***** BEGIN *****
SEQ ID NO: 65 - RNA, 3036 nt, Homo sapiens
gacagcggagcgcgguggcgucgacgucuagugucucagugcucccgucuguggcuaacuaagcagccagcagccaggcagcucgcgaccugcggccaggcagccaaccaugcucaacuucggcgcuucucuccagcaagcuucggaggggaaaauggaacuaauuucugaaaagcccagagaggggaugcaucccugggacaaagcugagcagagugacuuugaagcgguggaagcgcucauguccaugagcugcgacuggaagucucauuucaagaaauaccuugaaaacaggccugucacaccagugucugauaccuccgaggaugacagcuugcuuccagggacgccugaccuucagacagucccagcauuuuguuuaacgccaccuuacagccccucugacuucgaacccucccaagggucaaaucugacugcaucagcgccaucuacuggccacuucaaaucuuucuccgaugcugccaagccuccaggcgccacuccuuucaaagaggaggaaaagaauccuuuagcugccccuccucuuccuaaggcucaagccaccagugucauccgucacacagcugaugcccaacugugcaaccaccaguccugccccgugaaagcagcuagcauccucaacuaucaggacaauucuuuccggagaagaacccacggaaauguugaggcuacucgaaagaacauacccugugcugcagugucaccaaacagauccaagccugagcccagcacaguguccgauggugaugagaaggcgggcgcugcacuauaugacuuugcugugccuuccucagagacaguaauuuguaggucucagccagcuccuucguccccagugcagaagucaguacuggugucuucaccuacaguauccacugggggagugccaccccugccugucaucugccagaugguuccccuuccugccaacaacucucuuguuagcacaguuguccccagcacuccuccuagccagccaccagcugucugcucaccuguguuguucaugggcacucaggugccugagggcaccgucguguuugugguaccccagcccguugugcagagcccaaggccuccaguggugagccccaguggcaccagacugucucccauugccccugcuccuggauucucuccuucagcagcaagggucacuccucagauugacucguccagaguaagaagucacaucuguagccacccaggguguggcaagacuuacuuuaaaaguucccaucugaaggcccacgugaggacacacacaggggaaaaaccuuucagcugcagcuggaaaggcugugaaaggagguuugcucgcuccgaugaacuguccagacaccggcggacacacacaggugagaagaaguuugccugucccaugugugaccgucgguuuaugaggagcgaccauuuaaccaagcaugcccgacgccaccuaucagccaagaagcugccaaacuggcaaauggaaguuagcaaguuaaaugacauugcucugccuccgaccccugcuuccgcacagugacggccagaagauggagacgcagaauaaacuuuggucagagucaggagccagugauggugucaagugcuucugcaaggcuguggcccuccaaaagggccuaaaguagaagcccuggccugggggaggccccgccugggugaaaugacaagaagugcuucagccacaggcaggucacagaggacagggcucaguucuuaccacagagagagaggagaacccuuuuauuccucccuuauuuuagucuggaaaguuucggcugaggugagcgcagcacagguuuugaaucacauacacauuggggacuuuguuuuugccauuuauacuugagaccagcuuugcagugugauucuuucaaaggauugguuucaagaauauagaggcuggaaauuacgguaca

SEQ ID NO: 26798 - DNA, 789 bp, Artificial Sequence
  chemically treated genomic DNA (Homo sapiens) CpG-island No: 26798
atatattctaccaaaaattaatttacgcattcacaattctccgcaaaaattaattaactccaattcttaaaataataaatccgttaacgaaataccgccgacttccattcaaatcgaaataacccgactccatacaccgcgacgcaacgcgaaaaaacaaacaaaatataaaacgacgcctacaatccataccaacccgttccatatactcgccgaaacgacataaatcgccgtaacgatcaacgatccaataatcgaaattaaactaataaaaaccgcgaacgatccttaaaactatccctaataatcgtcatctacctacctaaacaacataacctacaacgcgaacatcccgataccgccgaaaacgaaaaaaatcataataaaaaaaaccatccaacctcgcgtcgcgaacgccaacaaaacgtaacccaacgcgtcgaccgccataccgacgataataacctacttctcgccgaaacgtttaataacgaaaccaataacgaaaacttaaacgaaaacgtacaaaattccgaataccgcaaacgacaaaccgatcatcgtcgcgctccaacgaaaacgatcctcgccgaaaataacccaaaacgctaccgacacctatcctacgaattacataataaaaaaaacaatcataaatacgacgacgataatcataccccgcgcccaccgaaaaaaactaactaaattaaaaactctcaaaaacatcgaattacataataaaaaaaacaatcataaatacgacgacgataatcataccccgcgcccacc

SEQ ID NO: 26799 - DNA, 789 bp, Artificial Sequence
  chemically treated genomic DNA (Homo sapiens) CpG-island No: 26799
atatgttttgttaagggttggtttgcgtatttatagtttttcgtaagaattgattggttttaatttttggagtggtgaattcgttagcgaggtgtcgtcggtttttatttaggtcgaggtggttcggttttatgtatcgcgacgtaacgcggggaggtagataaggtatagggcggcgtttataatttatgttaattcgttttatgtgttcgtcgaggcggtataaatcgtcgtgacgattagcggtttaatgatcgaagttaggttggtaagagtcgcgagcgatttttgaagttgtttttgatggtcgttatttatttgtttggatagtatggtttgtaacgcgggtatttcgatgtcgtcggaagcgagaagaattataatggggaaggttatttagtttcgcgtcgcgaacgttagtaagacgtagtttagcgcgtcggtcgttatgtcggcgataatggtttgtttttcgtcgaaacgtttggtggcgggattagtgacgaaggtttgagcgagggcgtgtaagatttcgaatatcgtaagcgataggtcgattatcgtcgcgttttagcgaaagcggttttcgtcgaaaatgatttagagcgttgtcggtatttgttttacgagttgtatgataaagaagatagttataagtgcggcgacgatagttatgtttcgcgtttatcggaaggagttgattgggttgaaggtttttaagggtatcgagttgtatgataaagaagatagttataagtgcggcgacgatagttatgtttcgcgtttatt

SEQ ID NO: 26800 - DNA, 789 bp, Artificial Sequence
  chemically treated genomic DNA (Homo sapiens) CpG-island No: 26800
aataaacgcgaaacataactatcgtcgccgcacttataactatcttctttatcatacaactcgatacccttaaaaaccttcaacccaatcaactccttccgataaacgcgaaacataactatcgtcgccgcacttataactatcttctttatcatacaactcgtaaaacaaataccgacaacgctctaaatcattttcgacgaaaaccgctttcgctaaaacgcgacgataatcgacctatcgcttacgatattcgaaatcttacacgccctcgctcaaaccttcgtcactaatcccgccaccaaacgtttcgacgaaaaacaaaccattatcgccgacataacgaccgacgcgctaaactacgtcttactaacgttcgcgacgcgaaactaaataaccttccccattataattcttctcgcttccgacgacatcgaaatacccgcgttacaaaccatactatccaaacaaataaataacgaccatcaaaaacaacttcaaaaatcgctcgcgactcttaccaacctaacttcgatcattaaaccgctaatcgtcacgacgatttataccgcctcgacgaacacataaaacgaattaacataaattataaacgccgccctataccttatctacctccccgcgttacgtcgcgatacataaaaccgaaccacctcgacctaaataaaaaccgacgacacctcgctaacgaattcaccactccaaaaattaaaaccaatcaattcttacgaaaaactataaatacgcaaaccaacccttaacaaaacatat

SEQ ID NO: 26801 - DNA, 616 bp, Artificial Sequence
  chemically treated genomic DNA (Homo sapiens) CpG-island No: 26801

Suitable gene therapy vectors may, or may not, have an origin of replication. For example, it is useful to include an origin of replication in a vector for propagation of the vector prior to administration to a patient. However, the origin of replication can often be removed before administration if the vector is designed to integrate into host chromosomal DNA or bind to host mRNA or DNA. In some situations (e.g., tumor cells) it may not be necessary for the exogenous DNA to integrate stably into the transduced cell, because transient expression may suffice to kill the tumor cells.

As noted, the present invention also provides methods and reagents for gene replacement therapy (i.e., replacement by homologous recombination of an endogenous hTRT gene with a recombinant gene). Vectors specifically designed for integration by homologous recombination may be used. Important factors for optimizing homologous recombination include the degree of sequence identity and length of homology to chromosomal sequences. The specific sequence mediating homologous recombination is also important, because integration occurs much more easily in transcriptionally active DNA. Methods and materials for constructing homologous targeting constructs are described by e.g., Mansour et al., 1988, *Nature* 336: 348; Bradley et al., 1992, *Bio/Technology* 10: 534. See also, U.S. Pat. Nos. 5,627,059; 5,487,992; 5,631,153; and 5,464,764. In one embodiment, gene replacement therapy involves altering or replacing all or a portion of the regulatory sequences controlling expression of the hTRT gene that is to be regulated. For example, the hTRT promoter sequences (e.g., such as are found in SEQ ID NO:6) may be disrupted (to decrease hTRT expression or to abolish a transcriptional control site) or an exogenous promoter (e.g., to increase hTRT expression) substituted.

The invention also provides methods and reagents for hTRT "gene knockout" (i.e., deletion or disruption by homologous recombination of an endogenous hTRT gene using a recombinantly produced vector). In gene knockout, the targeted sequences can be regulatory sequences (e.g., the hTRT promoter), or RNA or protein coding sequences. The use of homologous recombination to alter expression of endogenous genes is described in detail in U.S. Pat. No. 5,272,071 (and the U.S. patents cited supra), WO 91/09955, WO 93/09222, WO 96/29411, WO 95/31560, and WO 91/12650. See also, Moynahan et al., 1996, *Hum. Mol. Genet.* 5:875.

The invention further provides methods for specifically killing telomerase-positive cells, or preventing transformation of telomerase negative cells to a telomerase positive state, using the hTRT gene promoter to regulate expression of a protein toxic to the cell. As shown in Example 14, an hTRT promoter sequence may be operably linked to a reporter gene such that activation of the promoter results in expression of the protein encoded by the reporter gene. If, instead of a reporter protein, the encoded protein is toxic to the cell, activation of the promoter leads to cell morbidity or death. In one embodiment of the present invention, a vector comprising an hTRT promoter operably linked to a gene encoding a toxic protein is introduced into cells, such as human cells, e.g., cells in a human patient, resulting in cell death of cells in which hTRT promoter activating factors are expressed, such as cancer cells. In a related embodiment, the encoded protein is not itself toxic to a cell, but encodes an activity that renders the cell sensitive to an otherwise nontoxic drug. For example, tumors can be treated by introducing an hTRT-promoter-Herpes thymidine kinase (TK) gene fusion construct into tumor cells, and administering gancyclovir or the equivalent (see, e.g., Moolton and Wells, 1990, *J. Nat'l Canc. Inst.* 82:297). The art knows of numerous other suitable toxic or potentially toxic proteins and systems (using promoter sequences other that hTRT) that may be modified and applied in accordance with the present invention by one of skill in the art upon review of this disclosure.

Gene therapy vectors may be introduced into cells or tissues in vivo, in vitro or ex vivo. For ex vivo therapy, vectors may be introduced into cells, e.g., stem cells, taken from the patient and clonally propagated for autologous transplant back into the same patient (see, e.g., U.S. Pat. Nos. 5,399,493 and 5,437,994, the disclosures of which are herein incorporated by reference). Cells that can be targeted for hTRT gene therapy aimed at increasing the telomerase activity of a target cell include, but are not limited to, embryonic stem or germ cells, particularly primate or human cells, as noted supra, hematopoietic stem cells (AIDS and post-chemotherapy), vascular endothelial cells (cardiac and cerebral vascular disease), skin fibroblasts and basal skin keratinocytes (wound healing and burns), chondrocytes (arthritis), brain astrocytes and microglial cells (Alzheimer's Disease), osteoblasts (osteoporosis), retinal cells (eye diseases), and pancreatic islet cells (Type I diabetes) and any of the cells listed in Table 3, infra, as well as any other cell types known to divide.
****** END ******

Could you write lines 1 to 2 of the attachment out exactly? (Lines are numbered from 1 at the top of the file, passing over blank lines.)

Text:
SEQ ID NO: 65 - RNA, 3036 nt, Homo sapiens
gacagcggagcgcgguggcgucgacgucuagugucucagugcucccgucuguggcuaacuaagcagccagcagccaggcagcucgcgaccugcggccaggcagccaaccaugcucaacuucggcgcuucucuccagcaagcuucggaggggaaaauggaacuaauuucugaaaagcccagagaggggaugcaucccugggacaaagcugagcagagugacuuugaagcgguggaagcgcucauguccaugagcugcgacuggaagucucauuucaagaaauaccuugaaaacaggccugucacaccagugucugauaccuccgaggaugacagcuugcuuccagggacgccugaccuucagacagucccagcauuuuguuuaacgccaccuuacagccccucugacuucgaacccucccaagggucaaaucugacugcaucagcgccaucuacuggccacuucaaaucuuucuccgaugcugccaagccuccaggcgccacuccuuucaaagaggaggaaaagaauccuuuagcugccccuccucuuccuaaggcucaagccaccagugucauccgucacacagcugaugcccaacugugcaaccaccaguccugccccgugaaagcagcuagcauccucaacuaucaggacaauucuuuccggagaagaacccacggaaauguugaggcuacucgaaagaacauacccugugcugcagugucaccaaacagauccaagccugagcccagcacaguguccgauggugaugagaaggcgggcgcugcacuauaugacuuugcugugccuuccucagagacaguaauuuguaggucucagccagcuccuucguccccagugcagaagucaguacuggugucuucaccuacaguauccacugggggagugccaccccugccugucaucugccagaugguuccccuuccugccaacaacucucuuguuagcacaguuguccccagcacuccuccuagccagccaccagcugucugcucaccuguguuguucaugggcacucaggugccugagggcaccgucguguuugugguaccccagcccguugugcagagcccaaggccuccaguggugagccccaguggcaccagacugucucccauugccccugcuccuggauucucuccuucagcagcaagggucacuccucagauugacucguccagaguaagaagucacaucuguagccacccaggguguggcaagacuuacuuuaaaaguucccaucugaaggcccacgugaggacacacacaggggaaaaaccuuucagcugcagcuggaaaggcugugaaaggagguuugcucgcuccgaugaacuguccagacaccggcggacacacacaggugagaagaaguuugccugucccaugugugaccgucgguuuaugaggagcgaccauuuaaccaagcaugcccgacgccaccuaucagccaagaagcugccaaacuggcaaauggaaguuagcaaguuaaaugacauugcucugccuccgaccccugcuuccgcacagugacggccagaagauggagacgcagaauaaacuuuggucagagucaggagccagugauggugucaagugcuucugcaaggcuguggcccuccaaaagggccuaaaguagaagcccuggccugggggaggccccgccugggugaaaugacaagaagugcuucagccacaggcaggucacagaggacagggcucaguucuuaccacagagagagaggagaacccuuuuauuccucccuuauuuuagucuggaaaguuucggcugaggugagcgcagcacagguuuugaaucacauacacauuggggacuuuguuuuugccauuuauacuugagaccagcuuugcagugugauucuuucaaaggauugguuucaagaauauagaggcuggaaauuacgguaca